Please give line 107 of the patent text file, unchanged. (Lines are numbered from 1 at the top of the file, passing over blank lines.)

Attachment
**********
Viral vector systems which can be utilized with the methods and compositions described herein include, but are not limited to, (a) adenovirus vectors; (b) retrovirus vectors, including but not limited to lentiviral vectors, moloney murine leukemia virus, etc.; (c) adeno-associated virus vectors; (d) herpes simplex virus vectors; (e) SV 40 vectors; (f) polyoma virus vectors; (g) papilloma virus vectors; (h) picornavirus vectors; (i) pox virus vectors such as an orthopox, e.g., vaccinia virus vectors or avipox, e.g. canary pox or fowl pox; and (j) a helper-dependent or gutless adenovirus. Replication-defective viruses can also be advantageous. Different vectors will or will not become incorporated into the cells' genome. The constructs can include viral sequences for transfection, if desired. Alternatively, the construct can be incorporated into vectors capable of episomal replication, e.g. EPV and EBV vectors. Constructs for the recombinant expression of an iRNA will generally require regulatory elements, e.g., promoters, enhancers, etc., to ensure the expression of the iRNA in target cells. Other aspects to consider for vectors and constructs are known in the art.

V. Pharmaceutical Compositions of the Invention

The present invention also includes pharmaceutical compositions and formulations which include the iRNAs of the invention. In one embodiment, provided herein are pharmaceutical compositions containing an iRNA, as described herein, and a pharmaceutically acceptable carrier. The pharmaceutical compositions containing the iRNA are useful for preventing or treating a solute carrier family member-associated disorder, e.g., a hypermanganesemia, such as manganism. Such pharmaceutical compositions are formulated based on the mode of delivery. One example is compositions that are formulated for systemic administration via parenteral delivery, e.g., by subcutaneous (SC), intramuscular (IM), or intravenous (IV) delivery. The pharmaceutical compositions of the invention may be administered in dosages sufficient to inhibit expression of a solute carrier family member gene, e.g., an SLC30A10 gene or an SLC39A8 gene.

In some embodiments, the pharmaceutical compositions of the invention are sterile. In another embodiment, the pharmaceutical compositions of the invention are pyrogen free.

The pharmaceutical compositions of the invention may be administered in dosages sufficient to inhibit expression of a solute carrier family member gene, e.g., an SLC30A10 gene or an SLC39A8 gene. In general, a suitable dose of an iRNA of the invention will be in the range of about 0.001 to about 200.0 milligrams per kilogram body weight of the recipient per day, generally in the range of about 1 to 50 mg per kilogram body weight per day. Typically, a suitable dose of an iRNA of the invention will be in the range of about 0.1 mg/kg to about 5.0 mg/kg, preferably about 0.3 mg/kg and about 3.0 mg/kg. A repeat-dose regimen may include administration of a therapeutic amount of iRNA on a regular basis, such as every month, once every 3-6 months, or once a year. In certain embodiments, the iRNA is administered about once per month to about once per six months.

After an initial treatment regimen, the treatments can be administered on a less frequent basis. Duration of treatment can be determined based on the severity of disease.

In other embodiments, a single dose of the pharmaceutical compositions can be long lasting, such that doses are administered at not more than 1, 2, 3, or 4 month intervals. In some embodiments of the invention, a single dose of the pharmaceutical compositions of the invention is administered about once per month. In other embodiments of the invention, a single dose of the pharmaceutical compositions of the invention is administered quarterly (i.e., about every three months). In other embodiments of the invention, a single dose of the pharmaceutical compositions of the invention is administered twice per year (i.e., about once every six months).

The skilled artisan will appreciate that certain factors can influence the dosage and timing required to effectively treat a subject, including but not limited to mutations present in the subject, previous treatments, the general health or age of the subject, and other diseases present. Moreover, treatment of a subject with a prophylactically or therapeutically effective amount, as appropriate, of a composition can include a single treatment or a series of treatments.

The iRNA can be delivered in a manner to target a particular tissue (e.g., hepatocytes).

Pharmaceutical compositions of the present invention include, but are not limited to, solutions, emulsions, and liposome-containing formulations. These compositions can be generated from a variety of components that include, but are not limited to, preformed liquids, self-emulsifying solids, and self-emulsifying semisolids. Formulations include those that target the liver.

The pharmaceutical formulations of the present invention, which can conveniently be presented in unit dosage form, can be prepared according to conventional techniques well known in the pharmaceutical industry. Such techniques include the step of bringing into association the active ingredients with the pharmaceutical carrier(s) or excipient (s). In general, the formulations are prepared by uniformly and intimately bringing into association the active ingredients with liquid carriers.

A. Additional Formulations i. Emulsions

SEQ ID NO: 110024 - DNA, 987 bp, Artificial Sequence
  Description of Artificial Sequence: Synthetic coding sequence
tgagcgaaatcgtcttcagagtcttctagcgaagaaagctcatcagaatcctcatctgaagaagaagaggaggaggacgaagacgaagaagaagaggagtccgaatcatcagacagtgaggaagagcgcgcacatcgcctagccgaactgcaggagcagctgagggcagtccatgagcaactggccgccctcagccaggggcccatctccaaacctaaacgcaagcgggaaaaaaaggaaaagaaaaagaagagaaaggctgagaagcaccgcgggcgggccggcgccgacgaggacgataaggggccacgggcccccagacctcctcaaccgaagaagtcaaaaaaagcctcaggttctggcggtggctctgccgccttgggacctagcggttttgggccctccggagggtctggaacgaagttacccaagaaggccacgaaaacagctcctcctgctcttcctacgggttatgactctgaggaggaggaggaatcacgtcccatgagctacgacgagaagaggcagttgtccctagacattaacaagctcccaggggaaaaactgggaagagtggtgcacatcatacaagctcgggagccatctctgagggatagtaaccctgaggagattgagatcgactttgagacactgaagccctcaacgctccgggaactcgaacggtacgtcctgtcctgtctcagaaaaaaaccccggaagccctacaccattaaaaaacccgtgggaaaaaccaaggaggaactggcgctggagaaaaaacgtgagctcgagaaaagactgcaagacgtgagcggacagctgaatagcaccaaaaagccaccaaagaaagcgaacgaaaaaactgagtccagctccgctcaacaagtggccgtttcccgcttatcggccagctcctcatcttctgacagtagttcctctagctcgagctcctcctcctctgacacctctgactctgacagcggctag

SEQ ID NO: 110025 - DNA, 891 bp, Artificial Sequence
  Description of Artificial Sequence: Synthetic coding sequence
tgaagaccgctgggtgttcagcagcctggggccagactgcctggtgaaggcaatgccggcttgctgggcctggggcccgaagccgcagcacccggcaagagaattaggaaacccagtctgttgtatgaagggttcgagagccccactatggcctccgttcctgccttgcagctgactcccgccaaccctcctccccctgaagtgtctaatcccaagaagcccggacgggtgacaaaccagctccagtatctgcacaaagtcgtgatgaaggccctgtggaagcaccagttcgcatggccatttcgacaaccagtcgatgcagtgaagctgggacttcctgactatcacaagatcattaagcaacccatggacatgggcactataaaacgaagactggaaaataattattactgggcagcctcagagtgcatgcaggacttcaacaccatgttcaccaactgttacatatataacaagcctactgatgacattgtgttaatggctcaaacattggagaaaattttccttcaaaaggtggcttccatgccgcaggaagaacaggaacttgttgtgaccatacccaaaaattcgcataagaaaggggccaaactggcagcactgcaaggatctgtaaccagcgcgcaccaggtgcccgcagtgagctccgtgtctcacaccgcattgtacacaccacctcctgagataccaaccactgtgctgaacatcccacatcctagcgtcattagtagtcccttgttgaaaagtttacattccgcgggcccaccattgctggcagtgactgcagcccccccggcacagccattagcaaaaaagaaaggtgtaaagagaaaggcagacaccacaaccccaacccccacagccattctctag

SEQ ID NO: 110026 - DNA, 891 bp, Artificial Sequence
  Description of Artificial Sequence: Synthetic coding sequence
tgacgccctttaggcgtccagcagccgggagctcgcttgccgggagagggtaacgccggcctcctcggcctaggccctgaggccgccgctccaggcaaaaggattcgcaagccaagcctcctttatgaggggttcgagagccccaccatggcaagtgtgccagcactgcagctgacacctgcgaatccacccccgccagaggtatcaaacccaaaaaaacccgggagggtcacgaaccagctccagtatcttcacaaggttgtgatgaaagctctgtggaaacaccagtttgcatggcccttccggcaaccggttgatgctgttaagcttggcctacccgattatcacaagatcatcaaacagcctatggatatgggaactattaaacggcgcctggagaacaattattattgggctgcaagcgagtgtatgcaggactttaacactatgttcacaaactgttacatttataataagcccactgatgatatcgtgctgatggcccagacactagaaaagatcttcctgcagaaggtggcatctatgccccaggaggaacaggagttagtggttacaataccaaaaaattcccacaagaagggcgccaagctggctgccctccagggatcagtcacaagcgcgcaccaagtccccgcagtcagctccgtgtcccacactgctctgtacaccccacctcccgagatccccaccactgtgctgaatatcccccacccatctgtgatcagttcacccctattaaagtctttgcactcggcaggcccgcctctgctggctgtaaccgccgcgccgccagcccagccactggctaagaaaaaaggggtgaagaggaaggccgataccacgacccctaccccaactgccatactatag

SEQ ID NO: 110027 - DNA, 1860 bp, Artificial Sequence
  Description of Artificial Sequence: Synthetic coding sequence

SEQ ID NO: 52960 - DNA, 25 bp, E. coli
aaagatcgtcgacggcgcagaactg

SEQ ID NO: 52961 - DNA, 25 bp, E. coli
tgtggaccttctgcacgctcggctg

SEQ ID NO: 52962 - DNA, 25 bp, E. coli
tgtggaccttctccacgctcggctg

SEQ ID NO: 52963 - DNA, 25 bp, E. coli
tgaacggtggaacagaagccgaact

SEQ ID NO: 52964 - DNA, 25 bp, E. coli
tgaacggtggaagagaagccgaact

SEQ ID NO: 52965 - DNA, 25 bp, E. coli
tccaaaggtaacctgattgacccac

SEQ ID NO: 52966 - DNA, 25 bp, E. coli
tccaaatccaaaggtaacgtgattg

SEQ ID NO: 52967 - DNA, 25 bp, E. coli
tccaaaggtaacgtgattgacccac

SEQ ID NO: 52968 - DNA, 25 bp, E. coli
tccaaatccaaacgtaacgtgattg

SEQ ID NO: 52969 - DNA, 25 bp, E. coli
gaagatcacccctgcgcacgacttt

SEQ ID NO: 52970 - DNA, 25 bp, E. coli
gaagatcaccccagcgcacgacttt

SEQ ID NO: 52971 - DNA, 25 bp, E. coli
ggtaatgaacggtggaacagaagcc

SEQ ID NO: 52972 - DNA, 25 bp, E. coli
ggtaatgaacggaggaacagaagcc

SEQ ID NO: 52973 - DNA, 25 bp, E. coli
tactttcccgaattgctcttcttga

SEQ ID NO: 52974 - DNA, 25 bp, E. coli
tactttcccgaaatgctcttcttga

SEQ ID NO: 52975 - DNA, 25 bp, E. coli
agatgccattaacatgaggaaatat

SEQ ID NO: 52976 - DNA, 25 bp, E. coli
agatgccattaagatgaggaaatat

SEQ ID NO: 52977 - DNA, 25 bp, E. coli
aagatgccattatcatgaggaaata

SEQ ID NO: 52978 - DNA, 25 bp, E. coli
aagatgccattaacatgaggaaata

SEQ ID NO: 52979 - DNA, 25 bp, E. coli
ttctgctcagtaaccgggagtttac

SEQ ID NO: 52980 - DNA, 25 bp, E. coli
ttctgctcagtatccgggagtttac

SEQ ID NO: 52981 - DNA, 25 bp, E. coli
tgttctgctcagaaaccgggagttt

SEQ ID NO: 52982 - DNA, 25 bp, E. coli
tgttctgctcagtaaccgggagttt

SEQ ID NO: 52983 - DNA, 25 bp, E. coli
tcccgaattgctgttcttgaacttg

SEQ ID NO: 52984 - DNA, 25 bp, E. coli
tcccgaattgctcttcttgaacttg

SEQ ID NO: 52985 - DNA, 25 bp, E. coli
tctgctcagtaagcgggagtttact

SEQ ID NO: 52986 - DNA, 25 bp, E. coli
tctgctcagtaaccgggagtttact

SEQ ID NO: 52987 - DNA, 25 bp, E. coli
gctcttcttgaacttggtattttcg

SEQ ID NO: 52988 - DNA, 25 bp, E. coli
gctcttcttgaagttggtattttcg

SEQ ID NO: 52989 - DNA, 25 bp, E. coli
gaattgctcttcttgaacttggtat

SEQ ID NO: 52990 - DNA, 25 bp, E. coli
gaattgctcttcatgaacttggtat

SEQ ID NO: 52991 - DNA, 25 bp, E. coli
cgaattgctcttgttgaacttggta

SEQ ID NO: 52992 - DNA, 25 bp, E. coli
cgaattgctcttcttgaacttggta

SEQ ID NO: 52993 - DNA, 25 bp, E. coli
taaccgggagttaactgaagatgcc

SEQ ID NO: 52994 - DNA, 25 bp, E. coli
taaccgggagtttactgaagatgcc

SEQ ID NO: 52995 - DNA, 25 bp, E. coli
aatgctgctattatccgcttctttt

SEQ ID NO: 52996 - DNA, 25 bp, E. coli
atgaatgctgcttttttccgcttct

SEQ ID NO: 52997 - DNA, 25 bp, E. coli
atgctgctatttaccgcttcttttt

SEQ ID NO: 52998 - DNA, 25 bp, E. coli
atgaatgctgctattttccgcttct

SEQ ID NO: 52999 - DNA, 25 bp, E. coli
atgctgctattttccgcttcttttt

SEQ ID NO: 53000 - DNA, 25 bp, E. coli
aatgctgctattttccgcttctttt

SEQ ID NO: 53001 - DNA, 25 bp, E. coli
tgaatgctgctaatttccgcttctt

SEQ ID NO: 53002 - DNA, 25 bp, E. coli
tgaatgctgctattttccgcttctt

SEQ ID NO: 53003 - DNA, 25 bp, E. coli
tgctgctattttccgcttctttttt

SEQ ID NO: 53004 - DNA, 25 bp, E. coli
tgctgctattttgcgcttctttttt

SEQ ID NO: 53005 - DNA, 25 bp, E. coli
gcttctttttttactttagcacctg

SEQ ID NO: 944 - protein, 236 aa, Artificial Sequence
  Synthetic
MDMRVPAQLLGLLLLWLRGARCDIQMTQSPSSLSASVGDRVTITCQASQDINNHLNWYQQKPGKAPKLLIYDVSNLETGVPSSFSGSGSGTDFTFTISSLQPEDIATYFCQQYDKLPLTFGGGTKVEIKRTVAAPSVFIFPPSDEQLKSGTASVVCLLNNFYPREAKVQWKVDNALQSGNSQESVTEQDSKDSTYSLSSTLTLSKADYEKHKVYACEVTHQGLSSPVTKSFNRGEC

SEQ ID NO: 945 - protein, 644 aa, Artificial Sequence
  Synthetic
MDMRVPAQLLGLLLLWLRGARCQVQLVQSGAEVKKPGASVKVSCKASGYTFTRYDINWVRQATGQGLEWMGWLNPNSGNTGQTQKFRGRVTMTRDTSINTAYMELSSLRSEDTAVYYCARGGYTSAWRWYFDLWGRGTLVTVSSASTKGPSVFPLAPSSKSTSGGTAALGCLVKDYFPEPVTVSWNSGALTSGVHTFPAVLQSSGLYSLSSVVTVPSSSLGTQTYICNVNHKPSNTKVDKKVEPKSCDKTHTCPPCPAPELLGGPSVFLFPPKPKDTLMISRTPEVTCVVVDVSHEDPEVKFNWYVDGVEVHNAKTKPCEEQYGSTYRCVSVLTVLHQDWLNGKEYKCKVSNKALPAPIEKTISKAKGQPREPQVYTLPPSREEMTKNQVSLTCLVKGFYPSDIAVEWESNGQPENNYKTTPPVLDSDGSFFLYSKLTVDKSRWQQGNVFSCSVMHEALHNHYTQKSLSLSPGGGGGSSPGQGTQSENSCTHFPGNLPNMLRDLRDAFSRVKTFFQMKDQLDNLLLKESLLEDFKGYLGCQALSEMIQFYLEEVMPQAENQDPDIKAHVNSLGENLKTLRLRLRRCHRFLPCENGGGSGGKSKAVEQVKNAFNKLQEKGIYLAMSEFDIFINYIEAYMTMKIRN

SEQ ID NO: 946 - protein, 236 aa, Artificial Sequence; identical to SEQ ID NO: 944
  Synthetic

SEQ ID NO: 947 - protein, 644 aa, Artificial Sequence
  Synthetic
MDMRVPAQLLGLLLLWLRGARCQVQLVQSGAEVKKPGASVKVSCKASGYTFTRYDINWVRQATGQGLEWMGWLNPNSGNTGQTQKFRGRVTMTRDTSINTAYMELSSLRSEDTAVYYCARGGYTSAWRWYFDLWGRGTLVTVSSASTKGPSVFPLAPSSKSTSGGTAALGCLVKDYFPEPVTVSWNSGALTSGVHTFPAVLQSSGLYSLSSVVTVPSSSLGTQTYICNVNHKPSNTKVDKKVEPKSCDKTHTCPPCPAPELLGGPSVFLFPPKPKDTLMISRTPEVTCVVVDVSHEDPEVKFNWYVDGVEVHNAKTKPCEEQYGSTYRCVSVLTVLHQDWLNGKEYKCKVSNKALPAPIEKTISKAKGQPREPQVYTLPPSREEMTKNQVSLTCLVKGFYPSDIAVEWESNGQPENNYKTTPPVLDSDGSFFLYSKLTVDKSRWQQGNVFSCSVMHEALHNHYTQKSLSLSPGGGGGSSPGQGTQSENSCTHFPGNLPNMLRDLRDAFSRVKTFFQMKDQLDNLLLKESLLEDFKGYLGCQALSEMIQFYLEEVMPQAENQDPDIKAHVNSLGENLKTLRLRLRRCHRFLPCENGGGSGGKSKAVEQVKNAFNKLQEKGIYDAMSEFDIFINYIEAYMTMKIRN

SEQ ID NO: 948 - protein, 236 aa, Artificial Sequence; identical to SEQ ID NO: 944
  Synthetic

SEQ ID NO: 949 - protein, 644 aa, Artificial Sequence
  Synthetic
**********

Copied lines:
tgaatgctgctaatttccgcttctt